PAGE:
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Western Lessons from an Indian Lunchbox Company

CCA LiveE | Monday December 19th, 2011 | 1 Comment

The following post is part of the course work for “Live Exchange” the foundational course on communication for The MBA Design Strategy Program at California College of the Arts. The rest of the posts are presented here.

By: Tanushri Bhattacharya

In Mumbai the “Nutan Mumbai Tiffin Box Supplier’s Association” – famously known as “Dabbawallas” – delivers lunch boxes (Dabba means lunch boxes). There are 4500 – 5000 dabbawallas (most of whom are semi-illiterate) collecting and delivering lunch boxes to some 175, 000 – 200, 000 customers within hours of orders being placed each day.

This organization has attracted the attention of the likes of Prince Charles and Sir Richard Branson of the Virgin group as well as executives from Fedex and a number of business schools including Harvard.

American Business magazine Forbes has given “Dabbawallas” a Six Sigma performance plus rating which means only 1 error in 6 million deliveries. They hold a world record of Best Time Management.They have been documented by numerous TV channels like BBC, CNN etc. and is accredited with ISO 9000:2000 certificate. How did they become so successful? And what can western businesses learn from their practices?

The organization was established in 1890 by Mahadev Havaji Bachche, when he was appointed by an individual of high rank to carry their lunch box to their office in Mumbai. Mahadev saw a huge opportunity in this business and established his own organisation with about 100 men. After 120 years this organization is still running efficiently.

Why is there a requirement to have lunch box carriers in the first place? There are a number of reasons.

In India people like hot home cooked food – mainly because of absence of economical and hygienic foods otherwise. The concept of frozen or canned food is not prevalent in India. Indian meals include rice and / or Indian bread (roti) with lentil soup and curry – carrying such lunch requires containers like lunch boxes. Finally, in Mumbai, some 6.4 million people travel in local trains so overcrowded that carrying an office bag itself is a problem. Hence, reasons enough for a need of lunch box carriers.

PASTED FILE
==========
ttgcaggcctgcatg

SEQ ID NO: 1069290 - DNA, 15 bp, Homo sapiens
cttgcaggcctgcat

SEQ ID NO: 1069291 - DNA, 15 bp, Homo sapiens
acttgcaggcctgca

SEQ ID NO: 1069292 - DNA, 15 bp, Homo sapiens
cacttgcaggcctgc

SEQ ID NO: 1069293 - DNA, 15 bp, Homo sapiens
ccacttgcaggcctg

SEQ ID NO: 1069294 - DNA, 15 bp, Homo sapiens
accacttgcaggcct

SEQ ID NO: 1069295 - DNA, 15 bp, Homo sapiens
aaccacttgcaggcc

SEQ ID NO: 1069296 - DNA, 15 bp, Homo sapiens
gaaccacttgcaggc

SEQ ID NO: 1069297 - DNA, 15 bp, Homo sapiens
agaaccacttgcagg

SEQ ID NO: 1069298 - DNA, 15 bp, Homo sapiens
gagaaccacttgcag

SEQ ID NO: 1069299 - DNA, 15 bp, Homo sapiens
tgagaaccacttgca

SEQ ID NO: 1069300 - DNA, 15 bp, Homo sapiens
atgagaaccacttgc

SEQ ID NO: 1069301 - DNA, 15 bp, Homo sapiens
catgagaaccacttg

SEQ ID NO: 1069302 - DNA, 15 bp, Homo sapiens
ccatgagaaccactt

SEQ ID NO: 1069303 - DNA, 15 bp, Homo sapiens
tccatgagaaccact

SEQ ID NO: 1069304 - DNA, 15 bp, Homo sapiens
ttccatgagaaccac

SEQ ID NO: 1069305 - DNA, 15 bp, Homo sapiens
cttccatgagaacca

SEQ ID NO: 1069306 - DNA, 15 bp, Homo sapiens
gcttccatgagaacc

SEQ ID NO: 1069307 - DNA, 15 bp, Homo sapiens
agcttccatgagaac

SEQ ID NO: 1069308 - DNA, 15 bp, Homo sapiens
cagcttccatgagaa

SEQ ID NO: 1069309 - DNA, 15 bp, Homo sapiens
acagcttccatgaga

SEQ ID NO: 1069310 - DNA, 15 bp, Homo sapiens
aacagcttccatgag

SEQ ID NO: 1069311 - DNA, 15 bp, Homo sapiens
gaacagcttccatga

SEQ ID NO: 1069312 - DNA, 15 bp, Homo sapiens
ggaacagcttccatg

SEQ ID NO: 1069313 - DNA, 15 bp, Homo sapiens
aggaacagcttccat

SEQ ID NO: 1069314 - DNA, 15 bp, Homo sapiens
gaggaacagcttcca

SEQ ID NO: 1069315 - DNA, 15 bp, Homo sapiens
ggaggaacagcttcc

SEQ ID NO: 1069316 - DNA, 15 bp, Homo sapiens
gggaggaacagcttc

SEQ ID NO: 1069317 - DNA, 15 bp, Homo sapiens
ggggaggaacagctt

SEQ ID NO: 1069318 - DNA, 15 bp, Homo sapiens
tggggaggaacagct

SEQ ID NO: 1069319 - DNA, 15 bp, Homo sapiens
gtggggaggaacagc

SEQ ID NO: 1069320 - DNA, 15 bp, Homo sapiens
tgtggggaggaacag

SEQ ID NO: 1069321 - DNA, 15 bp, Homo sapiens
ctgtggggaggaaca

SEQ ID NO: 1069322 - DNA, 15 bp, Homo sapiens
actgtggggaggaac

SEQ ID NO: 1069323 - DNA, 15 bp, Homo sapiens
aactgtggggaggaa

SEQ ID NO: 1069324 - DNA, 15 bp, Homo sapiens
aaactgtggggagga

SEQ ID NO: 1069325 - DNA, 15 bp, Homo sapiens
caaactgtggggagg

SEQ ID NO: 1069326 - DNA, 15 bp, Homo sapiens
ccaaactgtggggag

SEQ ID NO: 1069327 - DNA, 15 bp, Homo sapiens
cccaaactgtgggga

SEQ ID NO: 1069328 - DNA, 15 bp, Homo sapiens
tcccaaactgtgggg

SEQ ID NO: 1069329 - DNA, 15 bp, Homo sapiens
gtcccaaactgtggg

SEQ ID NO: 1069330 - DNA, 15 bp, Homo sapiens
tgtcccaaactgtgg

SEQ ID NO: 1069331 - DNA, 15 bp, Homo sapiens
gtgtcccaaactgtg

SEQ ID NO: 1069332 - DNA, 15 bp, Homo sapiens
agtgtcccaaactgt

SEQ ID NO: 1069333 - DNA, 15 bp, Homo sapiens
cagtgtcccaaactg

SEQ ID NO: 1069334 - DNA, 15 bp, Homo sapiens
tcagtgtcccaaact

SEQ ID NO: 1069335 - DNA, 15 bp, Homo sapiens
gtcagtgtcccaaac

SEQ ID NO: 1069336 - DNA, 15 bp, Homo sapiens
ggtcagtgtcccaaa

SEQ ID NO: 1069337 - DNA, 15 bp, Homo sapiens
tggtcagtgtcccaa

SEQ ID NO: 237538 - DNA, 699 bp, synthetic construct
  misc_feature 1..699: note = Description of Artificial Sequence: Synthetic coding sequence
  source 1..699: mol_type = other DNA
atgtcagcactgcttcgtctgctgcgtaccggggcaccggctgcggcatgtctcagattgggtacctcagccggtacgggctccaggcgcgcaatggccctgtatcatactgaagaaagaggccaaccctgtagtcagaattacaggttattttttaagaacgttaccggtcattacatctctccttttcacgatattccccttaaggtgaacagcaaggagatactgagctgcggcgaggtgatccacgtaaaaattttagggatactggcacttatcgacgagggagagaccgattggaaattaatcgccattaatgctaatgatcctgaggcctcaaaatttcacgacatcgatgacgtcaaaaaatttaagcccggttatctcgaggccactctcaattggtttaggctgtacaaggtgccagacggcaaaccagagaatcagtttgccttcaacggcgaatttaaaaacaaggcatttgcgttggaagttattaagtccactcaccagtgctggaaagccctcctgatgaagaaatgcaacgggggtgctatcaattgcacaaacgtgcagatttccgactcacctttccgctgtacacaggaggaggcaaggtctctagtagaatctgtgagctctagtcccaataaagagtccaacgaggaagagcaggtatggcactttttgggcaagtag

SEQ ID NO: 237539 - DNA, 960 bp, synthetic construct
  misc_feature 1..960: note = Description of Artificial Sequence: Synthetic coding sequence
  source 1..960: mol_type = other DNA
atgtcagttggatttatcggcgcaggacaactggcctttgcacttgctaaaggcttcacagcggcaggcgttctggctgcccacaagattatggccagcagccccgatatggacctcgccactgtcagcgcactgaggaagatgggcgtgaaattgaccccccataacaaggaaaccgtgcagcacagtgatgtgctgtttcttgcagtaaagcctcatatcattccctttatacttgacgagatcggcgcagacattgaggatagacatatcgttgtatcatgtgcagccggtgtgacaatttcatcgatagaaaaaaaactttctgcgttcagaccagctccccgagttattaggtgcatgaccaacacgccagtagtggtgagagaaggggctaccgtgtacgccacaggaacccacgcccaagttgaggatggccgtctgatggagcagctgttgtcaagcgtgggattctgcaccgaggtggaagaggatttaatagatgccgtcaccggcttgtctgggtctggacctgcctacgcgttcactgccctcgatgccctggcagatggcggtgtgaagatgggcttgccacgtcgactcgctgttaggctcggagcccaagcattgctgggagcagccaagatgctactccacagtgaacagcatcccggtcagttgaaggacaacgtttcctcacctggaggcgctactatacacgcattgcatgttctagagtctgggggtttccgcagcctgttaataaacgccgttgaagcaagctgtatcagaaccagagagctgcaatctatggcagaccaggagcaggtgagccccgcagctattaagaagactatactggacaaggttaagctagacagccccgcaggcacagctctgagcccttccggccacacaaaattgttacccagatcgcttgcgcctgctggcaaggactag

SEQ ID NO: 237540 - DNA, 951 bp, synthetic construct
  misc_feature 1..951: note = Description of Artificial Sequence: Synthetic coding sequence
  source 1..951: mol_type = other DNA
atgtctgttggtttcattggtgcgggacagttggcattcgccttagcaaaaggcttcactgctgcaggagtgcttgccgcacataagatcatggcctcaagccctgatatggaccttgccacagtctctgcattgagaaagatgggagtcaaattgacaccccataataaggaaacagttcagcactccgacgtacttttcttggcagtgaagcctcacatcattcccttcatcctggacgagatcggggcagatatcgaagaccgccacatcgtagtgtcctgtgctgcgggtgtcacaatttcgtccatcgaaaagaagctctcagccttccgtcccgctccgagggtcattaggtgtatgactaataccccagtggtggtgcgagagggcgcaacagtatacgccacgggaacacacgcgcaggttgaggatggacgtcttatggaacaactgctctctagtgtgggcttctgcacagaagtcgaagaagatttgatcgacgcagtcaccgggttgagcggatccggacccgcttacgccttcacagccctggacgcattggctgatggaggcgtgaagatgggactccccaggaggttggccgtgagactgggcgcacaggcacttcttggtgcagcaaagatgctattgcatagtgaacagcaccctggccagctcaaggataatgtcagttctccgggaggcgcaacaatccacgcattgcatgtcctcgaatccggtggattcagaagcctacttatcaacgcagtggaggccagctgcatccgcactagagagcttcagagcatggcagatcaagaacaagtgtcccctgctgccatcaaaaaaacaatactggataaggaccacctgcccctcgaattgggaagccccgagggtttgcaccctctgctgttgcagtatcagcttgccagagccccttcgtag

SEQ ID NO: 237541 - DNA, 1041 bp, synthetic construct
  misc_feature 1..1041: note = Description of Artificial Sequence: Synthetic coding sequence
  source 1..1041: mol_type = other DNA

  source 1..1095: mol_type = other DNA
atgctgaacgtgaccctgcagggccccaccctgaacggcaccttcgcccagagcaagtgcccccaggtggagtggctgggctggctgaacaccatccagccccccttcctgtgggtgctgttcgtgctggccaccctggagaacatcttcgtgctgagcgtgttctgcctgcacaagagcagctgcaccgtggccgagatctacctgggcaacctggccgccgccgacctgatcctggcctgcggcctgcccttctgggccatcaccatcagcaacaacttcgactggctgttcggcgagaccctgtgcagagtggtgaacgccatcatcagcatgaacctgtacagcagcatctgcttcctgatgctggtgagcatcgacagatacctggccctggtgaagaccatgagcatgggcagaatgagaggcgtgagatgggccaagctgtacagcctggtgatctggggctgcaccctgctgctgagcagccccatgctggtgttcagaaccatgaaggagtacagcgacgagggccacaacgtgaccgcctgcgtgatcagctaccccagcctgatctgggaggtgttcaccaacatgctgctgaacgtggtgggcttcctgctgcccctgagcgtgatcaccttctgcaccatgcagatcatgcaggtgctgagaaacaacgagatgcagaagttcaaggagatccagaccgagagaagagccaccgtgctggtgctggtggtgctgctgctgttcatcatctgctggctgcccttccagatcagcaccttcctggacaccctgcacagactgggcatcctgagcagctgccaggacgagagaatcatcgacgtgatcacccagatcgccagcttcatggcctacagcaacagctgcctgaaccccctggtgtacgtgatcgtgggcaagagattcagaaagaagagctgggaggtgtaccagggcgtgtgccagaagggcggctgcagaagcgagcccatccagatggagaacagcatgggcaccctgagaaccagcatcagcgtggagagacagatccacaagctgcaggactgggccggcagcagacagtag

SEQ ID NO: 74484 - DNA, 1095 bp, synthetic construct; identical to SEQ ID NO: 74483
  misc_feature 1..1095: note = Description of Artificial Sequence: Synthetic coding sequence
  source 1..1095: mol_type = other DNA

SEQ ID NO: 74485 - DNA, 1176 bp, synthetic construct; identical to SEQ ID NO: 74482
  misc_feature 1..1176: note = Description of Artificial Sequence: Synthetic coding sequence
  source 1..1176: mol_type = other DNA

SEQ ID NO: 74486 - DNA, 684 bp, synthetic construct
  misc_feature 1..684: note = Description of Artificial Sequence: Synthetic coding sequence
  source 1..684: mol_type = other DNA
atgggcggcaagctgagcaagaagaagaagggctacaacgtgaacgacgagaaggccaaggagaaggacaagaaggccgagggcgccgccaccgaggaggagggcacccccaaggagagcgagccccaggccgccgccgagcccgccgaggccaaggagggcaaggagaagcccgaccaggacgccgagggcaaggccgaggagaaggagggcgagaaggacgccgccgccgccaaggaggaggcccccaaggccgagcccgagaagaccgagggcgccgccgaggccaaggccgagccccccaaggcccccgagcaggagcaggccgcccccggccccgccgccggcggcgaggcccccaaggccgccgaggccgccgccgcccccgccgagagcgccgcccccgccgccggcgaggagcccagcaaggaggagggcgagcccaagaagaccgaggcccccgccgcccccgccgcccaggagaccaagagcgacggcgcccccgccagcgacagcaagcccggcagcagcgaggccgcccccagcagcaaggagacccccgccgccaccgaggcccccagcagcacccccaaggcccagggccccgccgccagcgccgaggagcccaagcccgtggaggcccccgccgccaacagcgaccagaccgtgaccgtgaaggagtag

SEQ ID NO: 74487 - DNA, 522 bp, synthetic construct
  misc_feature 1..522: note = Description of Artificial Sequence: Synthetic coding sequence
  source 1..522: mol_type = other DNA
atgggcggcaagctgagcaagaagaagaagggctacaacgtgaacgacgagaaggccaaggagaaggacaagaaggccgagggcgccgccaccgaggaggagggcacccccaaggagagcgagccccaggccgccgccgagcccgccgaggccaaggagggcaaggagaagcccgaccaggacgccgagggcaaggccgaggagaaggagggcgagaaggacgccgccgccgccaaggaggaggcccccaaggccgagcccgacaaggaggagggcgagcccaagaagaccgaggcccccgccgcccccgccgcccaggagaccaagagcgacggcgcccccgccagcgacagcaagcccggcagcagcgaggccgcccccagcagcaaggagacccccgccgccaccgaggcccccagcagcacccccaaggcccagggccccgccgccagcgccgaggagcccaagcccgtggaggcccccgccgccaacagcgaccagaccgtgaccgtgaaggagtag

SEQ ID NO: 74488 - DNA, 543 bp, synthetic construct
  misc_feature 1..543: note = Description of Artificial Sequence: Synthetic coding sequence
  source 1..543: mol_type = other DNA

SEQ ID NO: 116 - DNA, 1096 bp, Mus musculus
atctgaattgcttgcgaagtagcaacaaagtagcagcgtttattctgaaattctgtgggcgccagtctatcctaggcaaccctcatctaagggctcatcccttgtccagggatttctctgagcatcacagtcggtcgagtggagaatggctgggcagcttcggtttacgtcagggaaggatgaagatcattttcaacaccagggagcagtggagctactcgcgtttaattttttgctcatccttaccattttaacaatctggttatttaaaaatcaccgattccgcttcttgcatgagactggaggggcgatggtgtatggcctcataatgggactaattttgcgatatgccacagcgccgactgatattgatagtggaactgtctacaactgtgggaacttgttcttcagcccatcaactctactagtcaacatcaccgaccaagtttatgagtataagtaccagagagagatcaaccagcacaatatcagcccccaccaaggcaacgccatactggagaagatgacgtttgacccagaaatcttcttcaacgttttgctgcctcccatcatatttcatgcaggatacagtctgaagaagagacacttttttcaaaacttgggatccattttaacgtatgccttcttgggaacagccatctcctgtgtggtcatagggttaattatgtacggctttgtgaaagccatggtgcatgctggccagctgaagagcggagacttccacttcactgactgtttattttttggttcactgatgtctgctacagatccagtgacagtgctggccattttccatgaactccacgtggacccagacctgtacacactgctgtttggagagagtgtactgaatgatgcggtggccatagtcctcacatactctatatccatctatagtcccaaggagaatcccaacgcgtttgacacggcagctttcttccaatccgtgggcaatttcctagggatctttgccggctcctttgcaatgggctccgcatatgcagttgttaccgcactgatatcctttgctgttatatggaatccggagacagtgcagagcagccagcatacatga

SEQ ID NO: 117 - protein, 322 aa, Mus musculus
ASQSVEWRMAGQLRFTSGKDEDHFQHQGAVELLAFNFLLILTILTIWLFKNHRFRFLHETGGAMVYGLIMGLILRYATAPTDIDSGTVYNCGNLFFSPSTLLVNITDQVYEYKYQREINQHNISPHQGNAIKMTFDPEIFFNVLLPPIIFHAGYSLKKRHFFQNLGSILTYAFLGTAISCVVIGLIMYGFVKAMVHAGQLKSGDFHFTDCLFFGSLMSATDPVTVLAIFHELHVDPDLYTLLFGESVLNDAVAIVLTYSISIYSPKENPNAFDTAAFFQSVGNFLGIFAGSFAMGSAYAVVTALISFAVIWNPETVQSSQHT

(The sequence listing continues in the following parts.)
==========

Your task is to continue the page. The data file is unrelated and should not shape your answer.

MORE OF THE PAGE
Below are highlights which make this organization so unique which can be iterated for other contexts:

 Simplifying the Process .

Each lunch box has been designed with a simple and uniquely color code providing its exact destination and origin so that illiteracy doesn’t hinder the movement. These codes are developed by semiliterate persons – no modern techniques whatsoever.

Amazing people coordination and supply chain management
5000  dabbawallahs collect 200,000 boxes during 7:00 to 9:00 AM from homes at different localities of Mumbai, travel fast on foot, bicycles and/or local trains crisscrossing in all direction to deliver them to correct destinations by 12:30 PM sharp. A single box changes 3 to 4 hands during its one way journey of 46-50 miles every day. After lunch the whole process moves in reverse.

Work smarter and localize
They have used the existing network of local trains and Mumbai´s linear geography to their advantage.

Faciliate Quick Decision-making
They have been divided into groups of 25-30 on locality basis, where they do take care of their own decisions, administration and crisis control. This has helped them to make quick decisions.

Ensure happy employees
Not a single day strike or absence for any reason has been ever recorded.

Thus with no outside support, no technology but just the amazing abilities of some semi-illiterate village people, this organization is surviving on their elegant foundation of beautifully designed principles and have never diluted themselves from their main motive – to deliver dabbas (lunch boxes).


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  • Yasir

    wah, excellent. this has made my day:)